Under the California law, employers are not prohibited from reaching out to a selected applicant’s previous employer to verify the applicant’s prior salary after the applicant has been given a job offer. However, in certain jurisdictions, such as San Francisco, employers may not disclose the salary history of any current or former employee to a prospective employer without written authorization from the employee.

5.      When does an employer need to provide a salary range to an applicant?

Upon “reasonable request,” employers are now required to provide a “pay scale” for an applied-for position to an applicant. Although the law does not specifically define “pay scale,” employers may want to be prepared in advance to disclose the company-approved pay range for a position. When providing the salary range, employers may qualify it by explaining that the salary offered will be based on appropriate factors such as qualifications and experience. Employers may want to consider using salary bands in recruiting materials so that applicants can identify the possible salary range for self-selection purposes. Employers may also want to implement a system to document when an applicant requests a pay scale and that his or her request was fulfilled. Both written and oral requests for a pay scale must be satisfied.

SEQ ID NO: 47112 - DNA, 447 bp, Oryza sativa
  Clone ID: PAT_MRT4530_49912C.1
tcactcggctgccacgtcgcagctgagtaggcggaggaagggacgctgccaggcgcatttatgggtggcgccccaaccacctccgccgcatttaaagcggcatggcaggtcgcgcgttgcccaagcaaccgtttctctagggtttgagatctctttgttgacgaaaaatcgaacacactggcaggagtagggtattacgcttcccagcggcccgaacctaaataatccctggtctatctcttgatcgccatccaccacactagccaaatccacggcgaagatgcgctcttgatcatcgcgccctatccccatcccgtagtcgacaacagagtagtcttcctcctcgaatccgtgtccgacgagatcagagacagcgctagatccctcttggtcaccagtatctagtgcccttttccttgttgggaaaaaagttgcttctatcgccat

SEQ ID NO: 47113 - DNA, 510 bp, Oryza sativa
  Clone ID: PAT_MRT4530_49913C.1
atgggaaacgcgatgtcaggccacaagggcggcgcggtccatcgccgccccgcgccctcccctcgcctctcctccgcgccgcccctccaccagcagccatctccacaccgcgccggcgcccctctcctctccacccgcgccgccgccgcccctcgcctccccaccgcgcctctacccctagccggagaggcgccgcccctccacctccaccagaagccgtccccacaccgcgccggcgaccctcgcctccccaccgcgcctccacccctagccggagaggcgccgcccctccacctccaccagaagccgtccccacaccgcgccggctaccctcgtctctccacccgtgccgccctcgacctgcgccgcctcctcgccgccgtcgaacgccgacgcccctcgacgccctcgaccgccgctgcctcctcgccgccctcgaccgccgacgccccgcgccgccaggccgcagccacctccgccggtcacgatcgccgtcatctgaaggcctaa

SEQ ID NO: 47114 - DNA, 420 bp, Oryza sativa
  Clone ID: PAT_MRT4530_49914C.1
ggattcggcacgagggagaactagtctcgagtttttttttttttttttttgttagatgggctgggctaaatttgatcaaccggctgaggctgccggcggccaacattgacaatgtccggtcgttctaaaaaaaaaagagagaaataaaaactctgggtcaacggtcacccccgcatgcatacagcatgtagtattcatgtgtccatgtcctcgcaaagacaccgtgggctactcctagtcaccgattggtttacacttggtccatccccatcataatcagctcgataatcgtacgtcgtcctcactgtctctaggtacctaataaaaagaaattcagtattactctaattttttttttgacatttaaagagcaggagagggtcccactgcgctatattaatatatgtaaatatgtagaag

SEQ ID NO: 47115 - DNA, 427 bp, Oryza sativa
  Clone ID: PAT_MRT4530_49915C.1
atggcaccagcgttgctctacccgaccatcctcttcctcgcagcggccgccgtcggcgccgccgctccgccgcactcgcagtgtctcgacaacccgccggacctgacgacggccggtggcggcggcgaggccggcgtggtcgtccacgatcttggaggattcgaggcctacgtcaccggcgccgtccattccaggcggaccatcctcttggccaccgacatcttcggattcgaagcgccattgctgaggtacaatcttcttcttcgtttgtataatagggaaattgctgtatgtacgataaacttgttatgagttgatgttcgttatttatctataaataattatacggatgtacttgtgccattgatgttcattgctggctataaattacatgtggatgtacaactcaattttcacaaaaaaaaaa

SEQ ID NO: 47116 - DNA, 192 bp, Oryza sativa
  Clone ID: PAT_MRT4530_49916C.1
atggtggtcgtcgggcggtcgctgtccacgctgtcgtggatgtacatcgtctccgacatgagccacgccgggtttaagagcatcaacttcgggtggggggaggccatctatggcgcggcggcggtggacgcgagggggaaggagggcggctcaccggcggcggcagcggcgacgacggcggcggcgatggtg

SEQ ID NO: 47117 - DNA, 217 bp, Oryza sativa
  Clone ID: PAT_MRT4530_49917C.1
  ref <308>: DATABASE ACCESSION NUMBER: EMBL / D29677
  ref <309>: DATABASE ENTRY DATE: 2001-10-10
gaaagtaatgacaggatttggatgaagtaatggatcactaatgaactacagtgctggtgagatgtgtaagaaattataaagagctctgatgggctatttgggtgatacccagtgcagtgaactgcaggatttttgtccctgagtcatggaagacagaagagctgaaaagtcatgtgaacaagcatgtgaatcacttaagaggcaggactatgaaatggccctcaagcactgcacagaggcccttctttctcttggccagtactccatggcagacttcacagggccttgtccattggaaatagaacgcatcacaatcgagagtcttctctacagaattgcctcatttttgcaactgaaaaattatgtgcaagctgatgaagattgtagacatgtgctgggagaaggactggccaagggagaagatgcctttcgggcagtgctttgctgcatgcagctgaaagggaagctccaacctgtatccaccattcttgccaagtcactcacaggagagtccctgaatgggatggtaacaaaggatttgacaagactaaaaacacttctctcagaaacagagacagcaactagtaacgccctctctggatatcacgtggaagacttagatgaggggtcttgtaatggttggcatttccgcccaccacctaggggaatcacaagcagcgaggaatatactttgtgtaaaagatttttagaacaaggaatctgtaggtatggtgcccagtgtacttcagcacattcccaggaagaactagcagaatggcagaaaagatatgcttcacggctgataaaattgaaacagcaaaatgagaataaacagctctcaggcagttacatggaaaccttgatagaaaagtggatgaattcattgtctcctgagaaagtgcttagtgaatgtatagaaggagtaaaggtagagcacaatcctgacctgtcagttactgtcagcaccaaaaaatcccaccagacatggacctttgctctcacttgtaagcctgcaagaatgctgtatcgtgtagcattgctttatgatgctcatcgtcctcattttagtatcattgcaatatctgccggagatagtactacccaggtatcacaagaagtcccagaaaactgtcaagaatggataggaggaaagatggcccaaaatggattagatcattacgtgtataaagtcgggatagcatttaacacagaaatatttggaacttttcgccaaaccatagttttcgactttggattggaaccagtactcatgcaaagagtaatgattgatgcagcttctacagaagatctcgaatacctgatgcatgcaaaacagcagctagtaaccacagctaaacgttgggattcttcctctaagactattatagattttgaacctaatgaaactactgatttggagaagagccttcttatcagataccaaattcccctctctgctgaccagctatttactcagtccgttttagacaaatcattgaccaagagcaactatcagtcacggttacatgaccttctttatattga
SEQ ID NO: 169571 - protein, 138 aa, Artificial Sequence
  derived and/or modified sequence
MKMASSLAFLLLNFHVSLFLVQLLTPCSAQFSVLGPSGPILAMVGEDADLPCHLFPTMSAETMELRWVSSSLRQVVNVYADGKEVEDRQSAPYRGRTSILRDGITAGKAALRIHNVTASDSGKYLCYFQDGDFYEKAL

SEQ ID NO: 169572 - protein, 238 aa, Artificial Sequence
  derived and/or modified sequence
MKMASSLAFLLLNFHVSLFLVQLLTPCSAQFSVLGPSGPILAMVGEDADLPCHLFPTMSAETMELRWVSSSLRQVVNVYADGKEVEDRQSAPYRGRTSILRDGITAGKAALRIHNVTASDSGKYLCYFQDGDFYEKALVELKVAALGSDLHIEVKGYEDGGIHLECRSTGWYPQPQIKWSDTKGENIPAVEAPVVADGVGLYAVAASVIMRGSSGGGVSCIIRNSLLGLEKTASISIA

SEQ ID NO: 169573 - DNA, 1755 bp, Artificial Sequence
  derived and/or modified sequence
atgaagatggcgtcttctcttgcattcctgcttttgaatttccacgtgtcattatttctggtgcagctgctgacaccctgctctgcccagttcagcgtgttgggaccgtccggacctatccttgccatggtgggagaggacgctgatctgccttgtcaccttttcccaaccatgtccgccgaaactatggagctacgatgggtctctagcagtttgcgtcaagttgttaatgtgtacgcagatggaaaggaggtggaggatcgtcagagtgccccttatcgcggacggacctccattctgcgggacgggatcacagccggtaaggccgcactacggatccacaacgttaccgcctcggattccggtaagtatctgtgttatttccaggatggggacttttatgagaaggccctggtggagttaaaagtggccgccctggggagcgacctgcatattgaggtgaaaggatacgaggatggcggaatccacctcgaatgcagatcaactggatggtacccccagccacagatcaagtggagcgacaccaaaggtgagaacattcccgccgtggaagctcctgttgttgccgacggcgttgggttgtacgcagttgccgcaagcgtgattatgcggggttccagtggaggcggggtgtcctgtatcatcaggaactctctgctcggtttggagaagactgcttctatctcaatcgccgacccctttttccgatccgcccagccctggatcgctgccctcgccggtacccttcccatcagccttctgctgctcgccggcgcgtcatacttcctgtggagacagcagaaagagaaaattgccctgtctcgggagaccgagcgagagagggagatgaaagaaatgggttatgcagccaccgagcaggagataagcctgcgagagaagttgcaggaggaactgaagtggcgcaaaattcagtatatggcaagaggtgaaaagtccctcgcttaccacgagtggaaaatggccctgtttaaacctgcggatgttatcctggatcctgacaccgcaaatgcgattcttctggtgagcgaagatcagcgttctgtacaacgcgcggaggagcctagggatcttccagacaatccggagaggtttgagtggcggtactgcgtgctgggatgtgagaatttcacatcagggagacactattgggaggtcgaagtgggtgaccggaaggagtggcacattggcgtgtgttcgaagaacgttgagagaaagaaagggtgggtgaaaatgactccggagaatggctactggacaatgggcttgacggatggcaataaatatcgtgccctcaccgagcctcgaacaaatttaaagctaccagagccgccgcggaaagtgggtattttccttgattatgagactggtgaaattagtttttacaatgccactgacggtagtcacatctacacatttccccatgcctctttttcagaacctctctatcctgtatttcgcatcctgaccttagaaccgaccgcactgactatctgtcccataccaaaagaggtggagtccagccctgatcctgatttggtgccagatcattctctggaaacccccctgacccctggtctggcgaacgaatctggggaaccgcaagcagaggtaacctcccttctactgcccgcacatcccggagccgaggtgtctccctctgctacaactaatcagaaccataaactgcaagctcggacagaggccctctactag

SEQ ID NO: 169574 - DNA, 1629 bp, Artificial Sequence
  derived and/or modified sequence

© 2022, Ogletree, Deakins, Nash, Smoak & Stewart, P.C., All Rights Reserved.National Law Review, Volume VIII, Number 23

About this Author

Sarah R. Nichols, Ogletree Deakins, background checks lawyer, Workplace training attorney

Ms. Nichols is an attorney with 10 years of experience counseling and defending employers. She has an active advice practice, partnering with clients to develop and implement national and international policies relating to recruiting, hiring, background checks, training, performance management, leave, compensation, stock options, benefits, investigations and terminations.

She provides strategic advice and counseling to clients on all challenges related to the cross-border transference of a workforce and the hiring and handling of employees...

Lara de Leon, Ogletree Deakins Law Firm, Labor and Employment Attorney

Lara de Leon represents employers of all sizes in all aspects of employment law, including employment litigation and counseling.  She has extensive experience defending clients in federal and state courts, arbitrations and before administrative agencies, including actions alleging wage and hour, discrimination, harassment, disability, leave of absence, and wrongful termination claims.

In addition to litigation, Lara regularly advises, counsels and trains clients on a wide array of employment-related matters, such as terminations and reductions...

Hannah Withers, Ogletree Deakins Law Firm, San Francisco, Labor and Employment Attorney

Hannah A. Withers is an associate in Ogletree Deakins’ San Francisco Office. She has experience defending employers in federal and state court against claims of wage and hour violations, discrimination, harassment, retaliation and wrongful termination.

In addition to her litigation practice, Ms. Withers also provides counseling, advice, and training to companies to maintain compliance with federal, state and local laws.

Prior to coming to Ogletree, Ms. Withers practiced litigation at a global law firm.